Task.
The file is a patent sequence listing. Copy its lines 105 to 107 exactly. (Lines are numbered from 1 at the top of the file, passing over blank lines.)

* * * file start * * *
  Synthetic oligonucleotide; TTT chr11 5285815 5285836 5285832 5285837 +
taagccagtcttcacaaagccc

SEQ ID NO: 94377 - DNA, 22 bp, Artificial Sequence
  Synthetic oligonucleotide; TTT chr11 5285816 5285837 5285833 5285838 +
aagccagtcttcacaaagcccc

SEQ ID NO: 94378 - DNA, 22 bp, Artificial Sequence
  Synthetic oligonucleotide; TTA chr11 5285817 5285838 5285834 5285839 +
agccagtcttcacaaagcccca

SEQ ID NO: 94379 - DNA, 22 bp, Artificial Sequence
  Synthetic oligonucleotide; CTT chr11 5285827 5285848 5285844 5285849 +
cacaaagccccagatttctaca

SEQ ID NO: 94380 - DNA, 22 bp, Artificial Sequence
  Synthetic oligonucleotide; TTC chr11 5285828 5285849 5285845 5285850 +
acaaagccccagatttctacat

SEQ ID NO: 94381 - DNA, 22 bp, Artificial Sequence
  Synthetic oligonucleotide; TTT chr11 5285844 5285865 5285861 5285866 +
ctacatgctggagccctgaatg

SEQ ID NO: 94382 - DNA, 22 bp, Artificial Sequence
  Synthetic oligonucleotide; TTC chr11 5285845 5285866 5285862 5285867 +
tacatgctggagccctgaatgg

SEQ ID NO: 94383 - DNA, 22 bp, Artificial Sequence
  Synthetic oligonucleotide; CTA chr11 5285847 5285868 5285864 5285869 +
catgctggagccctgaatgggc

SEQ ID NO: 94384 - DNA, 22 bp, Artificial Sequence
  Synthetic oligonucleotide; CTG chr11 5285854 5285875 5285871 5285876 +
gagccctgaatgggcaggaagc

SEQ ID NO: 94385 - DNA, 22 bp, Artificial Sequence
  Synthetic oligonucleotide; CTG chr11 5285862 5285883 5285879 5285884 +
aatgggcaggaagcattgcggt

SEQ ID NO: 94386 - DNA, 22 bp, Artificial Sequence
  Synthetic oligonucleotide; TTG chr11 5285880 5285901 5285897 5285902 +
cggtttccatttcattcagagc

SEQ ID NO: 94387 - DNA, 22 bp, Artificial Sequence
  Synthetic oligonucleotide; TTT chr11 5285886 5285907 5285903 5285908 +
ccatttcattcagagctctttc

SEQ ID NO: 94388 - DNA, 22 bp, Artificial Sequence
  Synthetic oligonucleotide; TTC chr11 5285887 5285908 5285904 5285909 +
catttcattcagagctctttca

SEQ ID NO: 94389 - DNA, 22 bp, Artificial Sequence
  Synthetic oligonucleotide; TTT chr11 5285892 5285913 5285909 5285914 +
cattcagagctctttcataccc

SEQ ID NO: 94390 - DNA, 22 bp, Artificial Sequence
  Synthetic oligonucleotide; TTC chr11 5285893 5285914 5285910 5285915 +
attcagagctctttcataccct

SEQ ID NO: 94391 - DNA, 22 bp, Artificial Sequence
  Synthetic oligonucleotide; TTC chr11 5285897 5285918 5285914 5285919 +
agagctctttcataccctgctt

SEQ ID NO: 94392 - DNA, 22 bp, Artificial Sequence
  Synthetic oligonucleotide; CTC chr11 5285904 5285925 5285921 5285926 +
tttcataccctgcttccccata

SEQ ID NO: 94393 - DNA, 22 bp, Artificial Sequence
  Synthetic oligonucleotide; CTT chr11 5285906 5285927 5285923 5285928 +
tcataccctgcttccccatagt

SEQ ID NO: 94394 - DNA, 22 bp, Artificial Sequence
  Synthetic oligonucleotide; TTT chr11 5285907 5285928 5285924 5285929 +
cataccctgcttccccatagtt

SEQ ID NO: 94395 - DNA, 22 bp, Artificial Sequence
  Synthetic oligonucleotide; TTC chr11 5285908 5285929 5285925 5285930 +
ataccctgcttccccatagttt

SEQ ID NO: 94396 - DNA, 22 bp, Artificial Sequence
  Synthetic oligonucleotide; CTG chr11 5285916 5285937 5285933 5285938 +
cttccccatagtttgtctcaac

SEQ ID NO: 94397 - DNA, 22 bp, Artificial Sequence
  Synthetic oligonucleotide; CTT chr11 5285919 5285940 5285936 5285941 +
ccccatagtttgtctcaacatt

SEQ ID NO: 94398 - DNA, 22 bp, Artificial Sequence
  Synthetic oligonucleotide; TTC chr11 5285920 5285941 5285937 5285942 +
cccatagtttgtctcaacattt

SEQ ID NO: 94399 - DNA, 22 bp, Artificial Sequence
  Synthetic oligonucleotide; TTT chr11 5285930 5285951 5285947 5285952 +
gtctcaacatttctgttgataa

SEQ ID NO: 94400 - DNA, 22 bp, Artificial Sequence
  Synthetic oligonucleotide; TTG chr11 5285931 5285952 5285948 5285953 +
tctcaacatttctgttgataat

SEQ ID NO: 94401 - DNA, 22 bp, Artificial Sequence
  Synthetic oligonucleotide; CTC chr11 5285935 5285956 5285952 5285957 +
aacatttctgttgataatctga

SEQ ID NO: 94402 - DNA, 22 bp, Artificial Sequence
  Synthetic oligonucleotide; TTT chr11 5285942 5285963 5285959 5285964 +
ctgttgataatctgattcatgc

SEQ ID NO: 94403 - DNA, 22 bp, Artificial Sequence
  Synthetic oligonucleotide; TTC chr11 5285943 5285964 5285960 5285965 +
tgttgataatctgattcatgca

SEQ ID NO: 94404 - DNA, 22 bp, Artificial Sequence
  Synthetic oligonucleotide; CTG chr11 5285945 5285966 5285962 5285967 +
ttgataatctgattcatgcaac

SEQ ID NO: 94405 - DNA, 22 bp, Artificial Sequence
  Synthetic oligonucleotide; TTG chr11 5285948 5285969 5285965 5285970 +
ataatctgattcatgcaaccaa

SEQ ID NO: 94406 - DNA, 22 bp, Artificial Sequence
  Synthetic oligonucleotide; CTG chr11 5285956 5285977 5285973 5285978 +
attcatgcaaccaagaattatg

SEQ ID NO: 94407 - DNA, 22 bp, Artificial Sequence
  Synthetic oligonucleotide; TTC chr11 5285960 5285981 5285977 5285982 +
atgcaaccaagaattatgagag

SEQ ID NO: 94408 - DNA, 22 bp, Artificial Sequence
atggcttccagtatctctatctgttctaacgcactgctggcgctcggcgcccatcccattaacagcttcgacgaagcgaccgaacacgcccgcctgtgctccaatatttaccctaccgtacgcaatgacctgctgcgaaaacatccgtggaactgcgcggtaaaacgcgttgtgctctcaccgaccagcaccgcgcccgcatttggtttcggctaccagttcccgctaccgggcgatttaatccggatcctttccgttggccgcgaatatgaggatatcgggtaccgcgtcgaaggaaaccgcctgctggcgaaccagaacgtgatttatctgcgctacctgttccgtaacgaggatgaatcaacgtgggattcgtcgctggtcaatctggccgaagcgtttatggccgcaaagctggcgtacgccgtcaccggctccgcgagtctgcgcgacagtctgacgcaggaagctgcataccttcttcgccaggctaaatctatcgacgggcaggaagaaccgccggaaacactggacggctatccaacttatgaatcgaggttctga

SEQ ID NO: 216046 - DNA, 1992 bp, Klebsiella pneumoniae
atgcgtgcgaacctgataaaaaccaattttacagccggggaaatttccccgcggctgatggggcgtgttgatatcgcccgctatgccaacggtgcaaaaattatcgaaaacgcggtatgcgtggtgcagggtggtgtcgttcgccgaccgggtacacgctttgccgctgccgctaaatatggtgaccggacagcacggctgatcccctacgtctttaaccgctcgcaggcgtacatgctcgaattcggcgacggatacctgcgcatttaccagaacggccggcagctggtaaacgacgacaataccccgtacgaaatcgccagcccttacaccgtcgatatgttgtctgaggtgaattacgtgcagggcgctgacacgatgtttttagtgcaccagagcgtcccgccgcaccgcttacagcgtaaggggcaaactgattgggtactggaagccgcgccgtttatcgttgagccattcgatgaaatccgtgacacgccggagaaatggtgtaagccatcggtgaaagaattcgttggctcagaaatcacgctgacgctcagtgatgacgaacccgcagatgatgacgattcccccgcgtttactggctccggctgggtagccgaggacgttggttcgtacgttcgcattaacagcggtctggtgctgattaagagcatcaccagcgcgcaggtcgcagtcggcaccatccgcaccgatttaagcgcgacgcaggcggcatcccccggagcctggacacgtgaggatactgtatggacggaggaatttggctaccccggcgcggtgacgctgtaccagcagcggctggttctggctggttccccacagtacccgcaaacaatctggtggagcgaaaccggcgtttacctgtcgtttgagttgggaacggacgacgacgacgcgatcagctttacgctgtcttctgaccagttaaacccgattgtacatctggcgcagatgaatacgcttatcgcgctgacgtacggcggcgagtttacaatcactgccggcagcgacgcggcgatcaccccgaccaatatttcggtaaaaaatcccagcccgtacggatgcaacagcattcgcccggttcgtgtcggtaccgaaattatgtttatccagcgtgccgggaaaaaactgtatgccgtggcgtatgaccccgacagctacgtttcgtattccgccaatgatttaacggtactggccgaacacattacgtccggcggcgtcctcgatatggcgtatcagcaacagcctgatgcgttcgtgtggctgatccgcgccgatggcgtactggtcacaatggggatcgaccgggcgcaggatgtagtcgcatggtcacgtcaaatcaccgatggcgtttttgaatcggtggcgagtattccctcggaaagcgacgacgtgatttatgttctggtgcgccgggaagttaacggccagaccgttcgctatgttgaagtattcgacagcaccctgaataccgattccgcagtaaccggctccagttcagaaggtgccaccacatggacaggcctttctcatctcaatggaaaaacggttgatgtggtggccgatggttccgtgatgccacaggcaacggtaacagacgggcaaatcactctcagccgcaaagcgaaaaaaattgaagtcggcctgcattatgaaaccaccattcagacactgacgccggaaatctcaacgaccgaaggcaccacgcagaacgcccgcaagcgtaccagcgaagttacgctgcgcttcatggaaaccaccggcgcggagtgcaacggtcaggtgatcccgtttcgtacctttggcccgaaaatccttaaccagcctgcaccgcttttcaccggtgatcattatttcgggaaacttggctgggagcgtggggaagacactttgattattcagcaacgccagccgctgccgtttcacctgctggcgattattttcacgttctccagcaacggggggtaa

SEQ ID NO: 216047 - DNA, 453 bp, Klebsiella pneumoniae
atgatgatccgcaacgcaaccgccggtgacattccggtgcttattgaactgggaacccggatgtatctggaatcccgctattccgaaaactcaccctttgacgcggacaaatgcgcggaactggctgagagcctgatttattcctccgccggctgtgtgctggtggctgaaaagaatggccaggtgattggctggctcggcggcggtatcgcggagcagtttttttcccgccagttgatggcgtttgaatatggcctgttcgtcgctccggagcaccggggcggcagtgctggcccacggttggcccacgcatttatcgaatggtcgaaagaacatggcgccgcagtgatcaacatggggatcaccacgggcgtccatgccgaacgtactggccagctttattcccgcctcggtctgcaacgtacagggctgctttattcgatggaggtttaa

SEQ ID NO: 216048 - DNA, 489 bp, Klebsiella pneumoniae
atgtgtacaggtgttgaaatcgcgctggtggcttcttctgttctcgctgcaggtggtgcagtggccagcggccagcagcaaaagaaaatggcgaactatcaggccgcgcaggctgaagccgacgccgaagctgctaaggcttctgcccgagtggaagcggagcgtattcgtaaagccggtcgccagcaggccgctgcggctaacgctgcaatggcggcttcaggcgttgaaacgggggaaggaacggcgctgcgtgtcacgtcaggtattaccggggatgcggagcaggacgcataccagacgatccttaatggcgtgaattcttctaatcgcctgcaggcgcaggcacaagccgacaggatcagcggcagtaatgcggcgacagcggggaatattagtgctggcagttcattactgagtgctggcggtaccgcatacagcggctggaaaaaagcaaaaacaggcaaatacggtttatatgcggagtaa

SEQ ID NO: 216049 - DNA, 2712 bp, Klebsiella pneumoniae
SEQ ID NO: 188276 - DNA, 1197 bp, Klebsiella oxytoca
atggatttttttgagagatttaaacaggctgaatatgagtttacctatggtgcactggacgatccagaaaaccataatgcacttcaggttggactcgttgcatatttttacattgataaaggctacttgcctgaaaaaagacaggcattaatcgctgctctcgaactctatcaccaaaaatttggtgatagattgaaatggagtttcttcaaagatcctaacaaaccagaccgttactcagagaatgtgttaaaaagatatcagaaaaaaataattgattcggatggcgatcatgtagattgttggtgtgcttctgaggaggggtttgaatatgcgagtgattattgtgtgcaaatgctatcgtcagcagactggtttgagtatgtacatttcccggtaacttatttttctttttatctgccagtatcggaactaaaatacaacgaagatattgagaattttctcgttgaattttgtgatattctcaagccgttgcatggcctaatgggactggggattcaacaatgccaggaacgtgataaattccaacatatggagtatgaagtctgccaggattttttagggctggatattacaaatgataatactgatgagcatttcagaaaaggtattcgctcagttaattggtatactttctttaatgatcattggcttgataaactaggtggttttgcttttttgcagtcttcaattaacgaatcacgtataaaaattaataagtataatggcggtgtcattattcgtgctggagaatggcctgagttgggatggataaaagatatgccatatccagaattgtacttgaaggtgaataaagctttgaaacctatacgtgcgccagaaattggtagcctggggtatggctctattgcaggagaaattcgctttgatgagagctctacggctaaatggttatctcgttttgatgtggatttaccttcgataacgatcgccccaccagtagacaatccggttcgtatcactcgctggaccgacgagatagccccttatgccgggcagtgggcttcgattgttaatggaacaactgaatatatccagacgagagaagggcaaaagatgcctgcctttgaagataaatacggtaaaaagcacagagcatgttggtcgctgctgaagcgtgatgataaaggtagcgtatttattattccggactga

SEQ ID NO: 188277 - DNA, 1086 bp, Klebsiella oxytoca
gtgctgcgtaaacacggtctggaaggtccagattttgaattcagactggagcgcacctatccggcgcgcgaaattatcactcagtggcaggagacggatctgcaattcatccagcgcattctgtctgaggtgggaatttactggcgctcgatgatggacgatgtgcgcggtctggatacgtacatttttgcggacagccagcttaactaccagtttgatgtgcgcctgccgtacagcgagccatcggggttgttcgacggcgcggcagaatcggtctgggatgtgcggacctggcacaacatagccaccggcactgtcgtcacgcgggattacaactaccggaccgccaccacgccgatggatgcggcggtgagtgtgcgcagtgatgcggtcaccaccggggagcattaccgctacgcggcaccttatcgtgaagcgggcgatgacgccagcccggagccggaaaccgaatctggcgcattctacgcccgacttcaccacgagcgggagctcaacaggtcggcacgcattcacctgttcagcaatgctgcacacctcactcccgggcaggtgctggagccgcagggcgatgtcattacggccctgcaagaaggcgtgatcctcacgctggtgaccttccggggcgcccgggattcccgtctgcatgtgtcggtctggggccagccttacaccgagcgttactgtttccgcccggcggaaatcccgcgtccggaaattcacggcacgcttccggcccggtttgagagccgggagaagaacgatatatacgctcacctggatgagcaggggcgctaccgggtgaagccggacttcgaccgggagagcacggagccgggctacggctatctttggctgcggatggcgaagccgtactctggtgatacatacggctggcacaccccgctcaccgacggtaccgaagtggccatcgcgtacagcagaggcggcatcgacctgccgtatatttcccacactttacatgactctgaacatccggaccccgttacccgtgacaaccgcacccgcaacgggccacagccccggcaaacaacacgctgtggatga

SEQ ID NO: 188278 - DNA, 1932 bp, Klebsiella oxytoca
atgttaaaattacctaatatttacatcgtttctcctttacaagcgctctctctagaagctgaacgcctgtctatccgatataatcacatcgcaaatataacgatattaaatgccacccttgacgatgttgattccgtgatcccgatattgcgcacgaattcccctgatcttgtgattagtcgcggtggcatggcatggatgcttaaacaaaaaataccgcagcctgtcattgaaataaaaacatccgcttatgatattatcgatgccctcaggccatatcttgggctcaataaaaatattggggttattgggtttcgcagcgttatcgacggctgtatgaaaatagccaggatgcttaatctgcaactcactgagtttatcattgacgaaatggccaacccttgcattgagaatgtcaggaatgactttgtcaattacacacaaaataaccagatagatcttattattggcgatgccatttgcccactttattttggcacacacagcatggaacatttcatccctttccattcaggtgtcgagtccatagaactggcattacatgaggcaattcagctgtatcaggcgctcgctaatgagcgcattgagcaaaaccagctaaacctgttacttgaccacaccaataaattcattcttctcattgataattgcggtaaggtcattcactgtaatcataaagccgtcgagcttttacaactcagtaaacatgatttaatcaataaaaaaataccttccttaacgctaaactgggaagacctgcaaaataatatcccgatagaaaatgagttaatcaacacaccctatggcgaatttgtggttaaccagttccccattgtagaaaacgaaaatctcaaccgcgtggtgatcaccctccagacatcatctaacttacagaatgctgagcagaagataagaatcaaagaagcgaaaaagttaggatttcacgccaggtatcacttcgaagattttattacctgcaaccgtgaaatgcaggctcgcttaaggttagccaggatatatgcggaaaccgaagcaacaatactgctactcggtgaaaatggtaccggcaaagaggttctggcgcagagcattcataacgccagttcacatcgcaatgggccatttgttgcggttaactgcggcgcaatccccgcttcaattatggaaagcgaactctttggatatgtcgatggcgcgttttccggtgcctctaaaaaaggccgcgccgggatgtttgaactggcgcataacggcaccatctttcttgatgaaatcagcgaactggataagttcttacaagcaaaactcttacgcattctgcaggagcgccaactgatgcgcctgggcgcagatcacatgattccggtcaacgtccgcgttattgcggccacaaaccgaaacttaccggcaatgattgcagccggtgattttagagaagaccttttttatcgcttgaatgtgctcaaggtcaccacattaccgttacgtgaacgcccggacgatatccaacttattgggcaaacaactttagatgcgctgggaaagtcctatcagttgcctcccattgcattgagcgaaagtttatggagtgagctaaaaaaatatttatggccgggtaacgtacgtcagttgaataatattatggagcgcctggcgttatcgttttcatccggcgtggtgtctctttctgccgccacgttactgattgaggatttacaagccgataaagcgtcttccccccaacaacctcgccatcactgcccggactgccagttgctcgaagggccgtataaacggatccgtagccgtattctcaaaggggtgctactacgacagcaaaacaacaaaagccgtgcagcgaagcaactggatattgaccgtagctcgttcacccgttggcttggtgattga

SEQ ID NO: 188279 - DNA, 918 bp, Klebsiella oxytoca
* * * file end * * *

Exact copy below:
SEQ ID NO: 188276 - DNA, 1197 bp, Klebsiella oxytoca
atggatttttttgagagatttaaacaggctgaatatgagtttacctatggtgcactggacgatccagaaaaccataatgcacttcaggttggactcgttgcatatttttacattgataaaggctacttgcctgaaaaaagacaggcattaatcgctgctctcgaactctatcaccaaaaatttggtgatagattgaaatggagtttcttcaaagatcctaacaaaccagaccgttactcagagaatgtgttaaaaagatatcagaaaaaaataattgattcggatggcgatcatgtagattgttggtgtgcttctgaggaggggtttgaatatgcgagtgattattgtgtgcaaatgctatcgtcagcagactggtttgagtatgtacatttcccggtaacttatttttctttttatctgccagtatcggaactaaaatacaacgaagatattgagaattttctcgttgaattttgtgatattctcaagccgttgcatggcctaatgggactggggattcaacaatgccaggaacgtgataaattccaacatatggagtatgaagtctgccaggattttttagggctggatattacaaatgataatactgatgagcatttcagaaaaggtattcgctcagttaattggtatactttctttaatgatcattggcttgataaactaggtggttttgcttttttgcagtcttcaattaacgaatcacgtataaaaattaataagtataatggcggtgtcattattcgtgctggagaatggcctgagttgggatggataaaagatatgccatatccagaattgtacttgaaggtgaataaagctttgaaacctatacgtgcgccagaaattggtagcctggggtatggctctattgcaggagaaattcgctttgatgagagctctacggctaaatggttatctcgttttgatgtggatttaccttcgataacgatcgccccaccagtagacaatccggttcgtatcactcgctggaccgacgagatagccccttatgccgggcagtgggcttcgattgttaatggaacaactgaatatatccagacgagagaagggcaaaagatgcctgcctttgaagataaatacggtaaaaagcacagagcatgttggtcgctgctgaagcgtgatgataaaggtagcgtatttattattccggactga

SEQ ID NO: 188277 - DNA, 1086 bp, Klebsiella oxytoca